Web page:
The other thing I can't help but notice -- and this should not be surprising to anyone out there, really -- is that some of the worst, sharpest bear markets have tended to follow the biggest bull runups immediately preceding them. Obviously the Great Depression is the best example of all of this phenomenon, with stocks soaring an eye-popping 409% from 1921 through 1929 until the bubble popped in a huge way and led to the massive 86% decline in stock prices over the following three years of trading action. The next biggest percentage gain in a bull market on that chart occurs all the way up in 1987, where the period from 1982-1987 saw U.S. stocks rise over 233%. The result? A sickening bear market I didn't even mention above, but one that saw stocks slump 34.5% over a period of less than four months. This of course included the well-known Black Monday in 1987 when the S&P 500 declined by over 22% in one day, a day that I myself and most people old enough to give a crap back then will never forget. You think this month's been bad? The biggest daily declines we've seen in October 2008 have been rouhgly 8%, which has happened twice now (with a nice 9% gain day stuck in between, thankfully). Imagine one day when the market fell nearly three times as much as the worst day in October. That my friends was not a good day, and was easily the closest we've ever come in any of our lifetimes to stories of stockbrokers jumping out windows as is often retold from the great crash of 1929.

Unfortunately, the next largest bull market runup on the chart occurred from 1990 to 1998, where in U.S. stocks soared more than 300% over an eight-year period. Of course massive changes in technology and infrastructure led to increased productivity for U.S. companies that had been heretofore unprecedented to say the least. Fueling that huge gain was also the decreases in regulation of several industries, notably the financial services sector, created and pushed by the Clinton administration. But whatever the cause, the end result was still a 300% gain in equities in less than a decade. And now since then the broader S&P 500 index has seen declines of 49.2% and 43.5%, with stocks now sitting below where they were in October 1998 when the bear market of 1998 ended abruptly. Whether than has been enough carnage now to "pay the piper" for the excesses of the 1990's bull market still remains to be seen, but seeing all these numbers laid out in the chart above I think gives some solid perspective to the true magnitude of this year's stock weakness from the eyes of market history. And if nothing else, it really is amazing how many of the more recent bear markets have ended in October. If the lows from two weeks ago hold, that will be four consecutive bear markets that saw the eventual lows put in sometime in October, with Black Monday in 1987 also occurring during mid-October in the bear imemdiately preceding that one. So if history is any guide, we are at a real inflection point in the markets as things continue to rock n roll on Wall Street today.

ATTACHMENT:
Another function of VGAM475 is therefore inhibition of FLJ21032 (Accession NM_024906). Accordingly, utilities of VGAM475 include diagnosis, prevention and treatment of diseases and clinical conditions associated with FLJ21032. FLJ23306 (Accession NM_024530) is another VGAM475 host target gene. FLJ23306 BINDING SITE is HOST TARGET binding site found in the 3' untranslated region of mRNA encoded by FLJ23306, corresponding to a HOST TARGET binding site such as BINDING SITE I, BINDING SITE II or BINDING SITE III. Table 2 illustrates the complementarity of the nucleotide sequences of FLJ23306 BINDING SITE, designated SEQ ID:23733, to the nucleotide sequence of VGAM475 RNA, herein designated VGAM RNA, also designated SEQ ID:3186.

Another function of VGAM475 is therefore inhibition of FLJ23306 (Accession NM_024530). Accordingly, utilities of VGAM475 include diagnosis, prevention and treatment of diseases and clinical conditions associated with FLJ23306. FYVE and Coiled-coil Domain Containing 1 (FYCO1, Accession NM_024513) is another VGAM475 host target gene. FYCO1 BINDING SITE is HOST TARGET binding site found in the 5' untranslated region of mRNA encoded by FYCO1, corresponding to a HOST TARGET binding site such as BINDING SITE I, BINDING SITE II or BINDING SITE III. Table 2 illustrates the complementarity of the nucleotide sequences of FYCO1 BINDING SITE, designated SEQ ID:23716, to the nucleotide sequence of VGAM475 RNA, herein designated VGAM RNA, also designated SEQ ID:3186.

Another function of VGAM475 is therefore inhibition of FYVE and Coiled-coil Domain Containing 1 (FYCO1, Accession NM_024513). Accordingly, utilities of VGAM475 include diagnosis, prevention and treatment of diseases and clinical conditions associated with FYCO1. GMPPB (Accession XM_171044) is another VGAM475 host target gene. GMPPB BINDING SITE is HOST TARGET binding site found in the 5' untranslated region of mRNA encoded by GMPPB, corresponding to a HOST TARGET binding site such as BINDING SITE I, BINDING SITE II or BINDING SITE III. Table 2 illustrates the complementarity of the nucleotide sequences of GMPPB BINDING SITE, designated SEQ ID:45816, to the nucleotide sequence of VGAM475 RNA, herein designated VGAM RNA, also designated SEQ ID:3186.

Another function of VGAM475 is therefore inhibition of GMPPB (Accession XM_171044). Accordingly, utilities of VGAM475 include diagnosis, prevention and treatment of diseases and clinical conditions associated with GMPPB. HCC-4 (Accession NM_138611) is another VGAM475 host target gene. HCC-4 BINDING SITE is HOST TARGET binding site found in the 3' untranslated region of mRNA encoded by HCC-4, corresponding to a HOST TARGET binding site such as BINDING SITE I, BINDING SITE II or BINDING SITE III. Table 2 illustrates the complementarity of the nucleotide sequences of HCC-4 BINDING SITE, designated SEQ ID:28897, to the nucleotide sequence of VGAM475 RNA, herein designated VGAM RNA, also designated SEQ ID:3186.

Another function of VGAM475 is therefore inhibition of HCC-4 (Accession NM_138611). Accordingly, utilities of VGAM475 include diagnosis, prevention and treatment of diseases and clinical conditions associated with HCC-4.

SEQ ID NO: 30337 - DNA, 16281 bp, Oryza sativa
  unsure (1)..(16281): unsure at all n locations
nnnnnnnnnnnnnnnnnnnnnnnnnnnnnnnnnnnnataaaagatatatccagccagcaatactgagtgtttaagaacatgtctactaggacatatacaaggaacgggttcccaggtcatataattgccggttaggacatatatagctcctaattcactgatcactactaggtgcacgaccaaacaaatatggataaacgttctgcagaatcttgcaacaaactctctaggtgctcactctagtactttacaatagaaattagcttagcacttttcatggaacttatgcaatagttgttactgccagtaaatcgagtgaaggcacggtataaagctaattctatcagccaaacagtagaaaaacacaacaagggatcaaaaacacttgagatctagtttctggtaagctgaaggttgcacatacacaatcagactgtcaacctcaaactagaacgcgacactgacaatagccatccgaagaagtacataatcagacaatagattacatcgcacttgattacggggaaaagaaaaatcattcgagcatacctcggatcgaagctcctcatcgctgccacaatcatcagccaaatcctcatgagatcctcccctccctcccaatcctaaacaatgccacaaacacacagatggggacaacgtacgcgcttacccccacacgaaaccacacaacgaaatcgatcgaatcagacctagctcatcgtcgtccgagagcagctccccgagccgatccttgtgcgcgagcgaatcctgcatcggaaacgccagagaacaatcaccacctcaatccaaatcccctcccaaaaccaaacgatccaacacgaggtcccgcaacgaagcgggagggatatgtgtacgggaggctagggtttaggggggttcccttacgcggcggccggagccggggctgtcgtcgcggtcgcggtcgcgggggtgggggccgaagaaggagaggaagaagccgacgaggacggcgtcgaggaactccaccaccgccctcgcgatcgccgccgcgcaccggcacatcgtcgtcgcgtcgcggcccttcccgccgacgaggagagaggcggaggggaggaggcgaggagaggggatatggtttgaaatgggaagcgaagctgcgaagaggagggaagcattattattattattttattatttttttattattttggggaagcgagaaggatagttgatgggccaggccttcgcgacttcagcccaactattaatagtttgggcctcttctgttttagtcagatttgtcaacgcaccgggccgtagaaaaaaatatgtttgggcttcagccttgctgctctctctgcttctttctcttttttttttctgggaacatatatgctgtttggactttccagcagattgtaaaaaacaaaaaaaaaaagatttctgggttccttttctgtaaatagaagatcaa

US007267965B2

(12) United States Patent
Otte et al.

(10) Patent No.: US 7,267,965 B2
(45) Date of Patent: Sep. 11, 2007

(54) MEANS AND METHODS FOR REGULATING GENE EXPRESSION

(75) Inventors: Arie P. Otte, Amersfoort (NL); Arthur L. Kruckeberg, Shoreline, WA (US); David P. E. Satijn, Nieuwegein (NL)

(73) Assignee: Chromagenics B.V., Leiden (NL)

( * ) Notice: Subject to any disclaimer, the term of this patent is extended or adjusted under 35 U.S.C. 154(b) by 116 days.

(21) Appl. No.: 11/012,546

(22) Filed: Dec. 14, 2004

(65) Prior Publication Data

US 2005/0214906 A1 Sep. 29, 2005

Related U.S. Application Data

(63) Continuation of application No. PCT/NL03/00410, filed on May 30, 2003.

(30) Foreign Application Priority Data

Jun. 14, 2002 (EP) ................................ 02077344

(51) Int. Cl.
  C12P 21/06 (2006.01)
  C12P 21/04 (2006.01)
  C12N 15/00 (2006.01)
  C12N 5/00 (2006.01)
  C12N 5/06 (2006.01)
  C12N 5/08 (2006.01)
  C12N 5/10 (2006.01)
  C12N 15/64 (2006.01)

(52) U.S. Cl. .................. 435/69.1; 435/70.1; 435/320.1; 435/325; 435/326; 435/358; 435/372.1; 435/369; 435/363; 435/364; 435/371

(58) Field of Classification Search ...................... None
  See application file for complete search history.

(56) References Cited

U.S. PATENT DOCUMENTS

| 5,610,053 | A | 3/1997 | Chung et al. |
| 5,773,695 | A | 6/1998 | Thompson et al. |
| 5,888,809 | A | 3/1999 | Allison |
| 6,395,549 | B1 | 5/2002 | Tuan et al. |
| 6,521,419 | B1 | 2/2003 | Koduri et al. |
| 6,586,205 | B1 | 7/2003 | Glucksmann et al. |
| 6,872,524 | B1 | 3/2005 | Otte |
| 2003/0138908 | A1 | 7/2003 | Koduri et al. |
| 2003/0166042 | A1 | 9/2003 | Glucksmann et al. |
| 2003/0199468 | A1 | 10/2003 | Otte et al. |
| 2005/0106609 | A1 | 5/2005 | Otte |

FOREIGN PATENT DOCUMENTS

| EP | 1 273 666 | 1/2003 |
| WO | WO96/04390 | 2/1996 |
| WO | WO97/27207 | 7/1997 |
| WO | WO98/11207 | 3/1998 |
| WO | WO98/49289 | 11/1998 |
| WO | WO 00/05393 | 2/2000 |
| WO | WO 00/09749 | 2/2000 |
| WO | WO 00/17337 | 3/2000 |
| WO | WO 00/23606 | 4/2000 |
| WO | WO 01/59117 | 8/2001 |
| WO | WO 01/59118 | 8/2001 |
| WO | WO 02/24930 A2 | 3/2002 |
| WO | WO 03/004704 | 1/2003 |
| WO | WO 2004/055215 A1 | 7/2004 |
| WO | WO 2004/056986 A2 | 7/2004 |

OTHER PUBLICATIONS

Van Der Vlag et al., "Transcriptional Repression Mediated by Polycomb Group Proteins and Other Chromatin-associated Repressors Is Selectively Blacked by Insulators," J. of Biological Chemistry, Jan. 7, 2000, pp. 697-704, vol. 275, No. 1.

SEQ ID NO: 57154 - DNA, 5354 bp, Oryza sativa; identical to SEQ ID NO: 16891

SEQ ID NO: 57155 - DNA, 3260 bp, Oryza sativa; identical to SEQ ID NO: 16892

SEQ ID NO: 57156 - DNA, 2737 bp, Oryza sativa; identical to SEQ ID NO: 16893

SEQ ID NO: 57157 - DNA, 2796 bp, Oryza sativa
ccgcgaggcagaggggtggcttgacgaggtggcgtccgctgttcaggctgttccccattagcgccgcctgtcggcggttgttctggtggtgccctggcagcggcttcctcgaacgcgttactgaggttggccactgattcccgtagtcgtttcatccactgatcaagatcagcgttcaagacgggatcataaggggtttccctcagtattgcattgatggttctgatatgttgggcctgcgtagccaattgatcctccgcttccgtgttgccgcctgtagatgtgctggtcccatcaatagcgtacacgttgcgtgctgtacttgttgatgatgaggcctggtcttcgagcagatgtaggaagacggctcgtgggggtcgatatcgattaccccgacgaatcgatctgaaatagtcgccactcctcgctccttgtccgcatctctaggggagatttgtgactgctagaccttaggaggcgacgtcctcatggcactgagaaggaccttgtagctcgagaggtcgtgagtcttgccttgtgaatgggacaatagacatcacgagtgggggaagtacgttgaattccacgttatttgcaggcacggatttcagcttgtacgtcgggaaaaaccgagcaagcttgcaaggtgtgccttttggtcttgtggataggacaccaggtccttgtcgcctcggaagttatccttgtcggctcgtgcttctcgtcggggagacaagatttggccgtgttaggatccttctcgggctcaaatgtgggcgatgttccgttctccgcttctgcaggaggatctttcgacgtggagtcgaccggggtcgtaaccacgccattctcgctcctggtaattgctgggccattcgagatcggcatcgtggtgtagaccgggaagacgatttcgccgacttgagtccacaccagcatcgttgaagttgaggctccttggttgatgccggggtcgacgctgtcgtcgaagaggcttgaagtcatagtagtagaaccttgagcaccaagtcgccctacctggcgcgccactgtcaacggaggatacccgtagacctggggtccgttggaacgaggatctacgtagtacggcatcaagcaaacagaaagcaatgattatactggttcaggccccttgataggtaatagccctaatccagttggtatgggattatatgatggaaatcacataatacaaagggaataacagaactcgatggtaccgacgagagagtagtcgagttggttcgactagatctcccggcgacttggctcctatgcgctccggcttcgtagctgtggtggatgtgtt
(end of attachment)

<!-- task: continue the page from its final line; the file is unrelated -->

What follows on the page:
Cole Hamels against Scott Kazmir tonight in Game 1 of the World Series. 8pm ET on Fox. Here's hoping that Joe Buck and Tim McCarver's plane crashes runs out of fuel before making it to the game so they have to bring in Harry Kalas, easily the greatest announcer in the history of baseball, to call the Phillies' second coronation in their illustrious 126-year history.

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Blogger Snuffy said...

Tim McCarver lives in Sarasota so good luck on the plane crash. Might want to ask for a boat to hit the Sunshine Skyway Bridge instead.

12:12 AM  
Blogger Champ said...

Good write as always Hoy! Thanks for taking the time.

12:47 AM  
Blogger Astin said...

After the tech boom, interest rates were slashed to try and stave off a collapse. Low interest rates led to financing of things that shouldn't have been financed... like homes for people who couldn't afford them, businesses that made no sense, loans that wouldn't have been applied for with higher rates, etc.. Then the rates were kept artificially low to spur this "growth". Now the bottom has fallen out, and this is the result. Which is why this crash happened after we reached those heady dot-com heights. We never had proper contraction from the tech boom, it was stalled through government intervention, and this is the result.

They're trying again now, but I don't have a clue where they expect it to help. Best case, they slow the collapse and give a cushion for when it hits bottom. The banks are taking their forced charity and sitting on it instead of lending it out, because they know there's still some dropping to be done.

12:54 AM  
Blogger Hammer Player a.k.a Hoyazo said...

Well, so much for the lows from two weeks ago holding up.

So sick.

2:53 AM